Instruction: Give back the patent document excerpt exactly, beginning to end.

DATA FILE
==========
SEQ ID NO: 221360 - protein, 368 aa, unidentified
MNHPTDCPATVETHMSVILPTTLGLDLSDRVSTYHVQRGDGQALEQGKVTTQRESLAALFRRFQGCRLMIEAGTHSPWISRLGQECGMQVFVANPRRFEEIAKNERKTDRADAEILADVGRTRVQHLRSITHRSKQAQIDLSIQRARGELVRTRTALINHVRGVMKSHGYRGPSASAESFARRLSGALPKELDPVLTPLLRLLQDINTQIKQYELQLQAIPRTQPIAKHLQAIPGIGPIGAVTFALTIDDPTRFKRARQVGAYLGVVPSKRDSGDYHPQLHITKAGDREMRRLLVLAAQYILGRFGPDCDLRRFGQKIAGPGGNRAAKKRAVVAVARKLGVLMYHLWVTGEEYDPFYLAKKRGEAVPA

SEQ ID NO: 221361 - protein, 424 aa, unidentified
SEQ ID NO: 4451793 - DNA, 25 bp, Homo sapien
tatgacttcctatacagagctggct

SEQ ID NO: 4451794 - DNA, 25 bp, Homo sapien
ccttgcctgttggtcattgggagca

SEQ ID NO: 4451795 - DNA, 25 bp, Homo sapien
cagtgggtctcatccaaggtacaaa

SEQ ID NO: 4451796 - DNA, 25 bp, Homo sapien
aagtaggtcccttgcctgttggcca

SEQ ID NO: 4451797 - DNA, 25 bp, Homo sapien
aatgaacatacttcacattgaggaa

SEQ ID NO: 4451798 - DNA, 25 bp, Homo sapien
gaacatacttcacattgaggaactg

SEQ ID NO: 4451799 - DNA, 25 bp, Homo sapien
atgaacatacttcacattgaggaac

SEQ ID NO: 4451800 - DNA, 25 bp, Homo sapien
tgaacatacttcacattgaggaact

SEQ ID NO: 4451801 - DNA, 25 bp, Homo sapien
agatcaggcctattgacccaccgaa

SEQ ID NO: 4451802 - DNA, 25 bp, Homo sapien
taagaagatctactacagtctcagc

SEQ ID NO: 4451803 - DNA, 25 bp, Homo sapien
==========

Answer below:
SEQ ID NO: 221360 - protein, 368 aa, unidentified
MNHPTDCPATVETHMSVILPTTLGLDLSDRVSTYHVQRGDGQALEQGKVTTQRESLAALFRRFQGCRLMIEAGTHSPWISRLGQECGMQVFVANPRRFEEIAKNERKTDRADAEILADVGRTRVQHLRSITHRSKQAQIDLSIQRARGELVRTRTALINHVRGVMKSHGYRGPSASAESFARRLSGALPKELDPVLTPLLRLLQDINTQIKQYELQLQAIPRTQPIAKHLQAIPGIGPIGAVTFALTIDDPTRFKRARQVGAYLGVVPSKRDSGDYHPQLHITKAGDREMRRLLVLAAQYILGRFGPDCDLRRFGQKIAGPGGNRAAKKRAVVAVARKLGVLMYHLWVTGEEYDPFYLAKKRGEAVPA

SEQ ID NO: 221361 - protein, 424 aa, unidentified
SEQ ID NO: 4451793 - DNA, 25 bp, Homo sapien
tatgacttcctatacagagctggct

SEQ ID NO: 4451794 - DNA, 25 bp, Homo sapien
ccttgcctgttggtcattgggagca

SEQ ID NO: 4451795 - DNA, 25 bp, Homo sapien
cagtgggtctcatccaaggtacaaa

SEQ ID NO: 4451796 - DNA, 25 bp, Homo sapien
aagtaggtcccttgcctgttggcca

SEQ ID NO: 4451797 - DNA, 25 bp, Homo sapien
aatgaacatacttcacattgaggaa

SEQ ID NO: 4451798 - DNA, 25 bp, Homo sapien
gaacatacttcacattgaggaactg

SEQ ID NO: 4451799 - DNA, 25 bp, Homo sapien
atgaacatacttcacattgaggaac

SEQ ID NO: 4451800 - DNA, 25 bp, Homo sapien
tgaacatacttcacattgaggaact

SEQ ID NO: 4451801 - DNA, 25 bp, Homo sapien
agatcaggcctattgacccaccgaa

SEQ ID NO: 4451802 - DNA, 25 bp, Homo sapien
taagaagatctactacagtctcagc

SEQ ID NO: 4451803 - DNA, 25 bp, Homo sapien